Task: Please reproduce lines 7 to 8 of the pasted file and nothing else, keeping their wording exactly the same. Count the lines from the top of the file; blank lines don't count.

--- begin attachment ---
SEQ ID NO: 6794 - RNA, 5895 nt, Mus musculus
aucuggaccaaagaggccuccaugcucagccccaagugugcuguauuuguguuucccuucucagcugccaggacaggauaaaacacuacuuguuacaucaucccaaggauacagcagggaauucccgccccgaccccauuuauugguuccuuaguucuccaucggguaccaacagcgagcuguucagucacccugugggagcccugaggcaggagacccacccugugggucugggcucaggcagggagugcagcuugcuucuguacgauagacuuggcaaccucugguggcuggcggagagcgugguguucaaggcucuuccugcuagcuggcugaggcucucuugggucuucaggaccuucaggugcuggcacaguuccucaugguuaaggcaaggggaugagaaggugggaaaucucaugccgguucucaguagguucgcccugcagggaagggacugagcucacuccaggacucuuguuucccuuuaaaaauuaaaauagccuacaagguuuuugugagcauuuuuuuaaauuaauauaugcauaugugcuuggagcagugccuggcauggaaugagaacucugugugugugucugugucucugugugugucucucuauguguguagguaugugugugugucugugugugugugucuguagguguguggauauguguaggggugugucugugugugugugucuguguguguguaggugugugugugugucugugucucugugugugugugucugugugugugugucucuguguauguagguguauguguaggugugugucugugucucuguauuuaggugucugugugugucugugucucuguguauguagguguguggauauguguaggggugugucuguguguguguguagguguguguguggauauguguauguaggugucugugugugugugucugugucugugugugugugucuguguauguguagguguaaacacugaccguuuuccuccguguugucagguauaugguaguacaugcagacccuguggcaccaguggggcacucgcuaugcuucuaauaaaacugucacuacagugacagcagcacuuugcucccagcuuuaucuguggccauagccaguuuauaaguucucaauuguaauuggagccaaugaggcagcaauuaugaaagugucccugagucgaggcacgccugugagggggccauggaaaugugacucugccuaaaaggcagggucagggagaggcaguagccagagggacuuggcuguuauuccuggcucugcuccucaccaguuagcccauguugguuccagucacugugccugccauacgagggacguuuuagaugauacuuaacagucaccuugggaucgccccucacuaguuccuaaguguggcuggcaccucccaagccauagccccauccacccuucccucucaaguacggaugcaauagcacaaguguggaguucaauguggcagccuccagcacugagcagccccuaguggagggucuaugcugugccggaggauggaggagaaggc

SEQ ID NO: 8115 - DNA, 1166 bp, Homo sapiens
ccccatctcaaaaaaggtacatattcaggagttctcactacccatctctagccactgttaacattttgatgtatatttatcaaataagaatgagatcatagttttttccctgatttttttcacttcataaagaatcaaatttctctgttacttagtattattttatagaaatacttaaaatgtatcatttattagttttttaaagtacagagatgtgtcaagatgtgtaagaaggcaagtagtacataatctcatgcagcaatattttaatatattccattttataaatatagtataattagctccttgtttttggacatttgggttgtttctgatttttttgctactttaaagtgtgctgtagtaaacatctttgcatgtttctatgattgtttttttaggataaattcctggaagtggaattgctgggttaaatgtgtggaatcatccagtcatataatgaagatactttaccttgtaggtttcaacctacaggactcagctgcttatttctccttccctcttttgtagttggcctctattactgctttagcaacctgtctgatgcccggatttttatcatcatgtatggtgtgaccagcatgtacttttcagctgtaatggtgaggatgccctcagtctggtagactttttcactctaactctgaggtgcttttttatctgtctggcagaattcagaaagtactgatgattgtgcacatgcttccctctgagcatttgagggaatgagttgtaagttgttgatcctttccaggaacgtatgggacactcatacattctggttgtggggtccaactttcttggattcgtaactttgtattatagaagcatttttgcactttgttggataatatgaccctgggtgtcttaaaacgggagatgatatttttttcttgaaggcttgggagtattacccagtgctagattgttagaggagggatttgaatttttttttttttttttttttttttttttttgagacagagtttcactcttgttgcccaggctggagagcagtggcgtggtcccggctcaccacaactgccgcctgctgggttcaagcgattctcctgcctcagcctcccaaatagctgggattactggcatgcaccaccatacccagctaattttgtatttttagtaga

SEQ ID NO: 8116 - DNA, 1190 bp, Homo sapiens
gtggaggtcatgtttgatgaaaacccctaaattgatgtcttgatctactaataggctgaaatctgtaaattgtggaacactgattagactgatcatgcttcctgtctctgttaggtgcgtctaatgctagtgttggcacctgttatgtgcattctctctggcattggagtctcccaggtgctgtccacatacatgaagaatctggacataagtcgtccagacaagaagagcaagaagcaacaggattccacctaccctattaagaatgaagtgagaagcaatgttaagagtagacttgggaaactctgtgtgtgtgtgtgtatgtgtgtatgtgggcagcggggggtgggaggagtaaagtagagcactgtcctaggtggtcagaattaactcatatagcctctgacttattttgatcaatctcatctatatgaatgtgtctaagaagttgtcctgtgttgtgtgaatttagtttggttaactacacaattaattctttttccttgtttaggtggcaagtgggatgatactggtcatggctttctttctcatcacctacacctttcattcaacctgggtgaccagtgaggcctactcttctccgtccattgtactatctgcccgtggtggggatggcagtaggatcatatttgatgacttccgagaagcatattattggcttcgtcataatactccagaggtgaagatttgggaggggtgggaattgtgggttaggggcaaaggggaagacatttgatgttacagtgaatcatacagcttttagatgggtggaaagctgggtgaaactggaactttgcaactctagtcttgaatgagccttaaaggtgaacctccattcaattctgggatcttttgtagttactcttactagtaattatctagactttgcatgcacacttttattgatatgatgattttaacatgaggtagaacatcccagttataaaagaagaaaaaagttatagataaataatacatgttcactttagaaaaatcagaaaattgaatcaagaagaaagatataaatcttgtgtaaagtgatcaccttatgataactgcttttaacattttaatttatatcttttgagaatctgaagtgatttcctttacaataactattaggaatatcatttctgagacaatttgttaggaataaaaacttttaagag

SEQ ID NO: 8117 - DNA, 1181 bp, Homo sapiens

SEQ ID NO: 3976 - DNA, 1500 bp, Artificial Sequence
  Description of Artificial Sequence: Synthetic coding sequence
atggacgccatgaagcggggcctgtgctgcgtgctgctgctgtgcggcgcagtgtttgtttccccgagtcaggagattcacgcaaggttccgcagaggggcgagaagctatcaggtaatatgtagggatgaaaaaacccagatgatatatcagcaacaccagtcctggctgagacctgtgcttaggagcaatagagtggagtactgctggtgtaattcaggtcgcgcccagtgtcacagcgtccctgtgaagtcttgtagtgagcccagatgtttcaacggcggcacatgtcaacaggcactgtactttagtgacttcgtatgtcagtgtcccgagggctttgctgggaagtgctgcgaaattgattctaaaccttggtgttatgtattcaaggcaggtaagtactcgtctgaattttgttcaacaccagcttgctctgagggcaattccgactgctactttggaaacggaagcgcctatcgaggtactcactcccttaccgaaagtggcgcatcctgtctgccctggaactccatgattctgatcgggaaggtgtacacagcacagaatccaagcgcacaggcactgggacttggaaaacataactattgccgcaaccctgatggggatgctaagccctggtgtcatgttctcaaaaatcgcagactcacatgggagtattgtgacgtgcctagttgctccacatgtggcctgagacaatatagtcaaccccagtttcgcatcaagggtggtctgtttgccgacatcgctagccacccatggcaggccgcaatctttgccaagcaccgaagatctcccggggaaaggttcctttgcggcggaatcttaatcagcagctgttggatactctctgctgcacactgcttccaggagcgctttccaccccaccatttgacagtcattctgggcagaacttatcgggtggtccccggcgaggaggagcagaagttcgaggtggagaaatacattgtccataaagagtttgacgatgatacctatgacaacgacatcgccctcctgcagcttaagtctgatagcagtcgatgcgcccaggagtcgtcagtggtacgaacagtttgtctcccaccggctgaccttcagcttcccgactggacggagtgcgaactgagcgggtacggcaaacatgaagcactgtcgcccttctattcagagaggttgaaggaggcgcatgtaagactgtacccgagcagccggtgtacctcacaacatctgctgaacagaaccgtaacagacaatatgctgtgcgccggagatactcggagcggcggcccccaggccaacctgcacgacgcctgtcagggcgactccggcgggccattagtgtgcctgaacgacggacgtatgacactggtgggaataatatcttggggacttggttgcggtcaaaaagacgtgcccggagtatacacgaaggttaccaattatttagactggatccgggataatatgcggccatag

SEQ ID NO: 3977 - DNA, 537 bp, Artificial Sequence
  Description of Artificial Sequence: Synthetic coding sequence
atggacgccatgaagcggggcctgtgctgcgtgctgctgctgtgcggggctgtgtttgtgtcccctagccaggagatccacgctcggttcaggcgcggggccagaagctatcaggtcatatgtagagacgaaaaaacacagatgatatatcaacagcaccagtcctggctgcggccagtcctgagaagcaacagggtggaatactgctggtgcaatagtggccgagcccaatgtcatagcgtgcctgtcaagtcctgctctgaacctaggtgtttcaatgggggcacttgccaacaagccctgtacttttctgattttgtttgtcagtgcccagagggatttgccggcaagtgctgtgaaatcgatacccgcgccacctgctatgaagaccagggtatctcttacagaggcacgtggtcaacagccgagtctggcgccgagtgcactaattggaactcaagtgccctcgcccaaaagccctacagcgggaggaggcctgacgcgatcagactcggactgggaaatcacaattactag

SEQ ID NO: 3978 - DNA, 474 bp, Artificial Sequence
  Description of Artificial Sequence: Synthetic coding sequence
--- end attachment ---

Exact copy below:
SEQ ID NO: 8117 - DNA, 1181 bp, Homo sapiens

SEQ ID NO: 3976 - DNA, 1500 bp, Artificial Sequence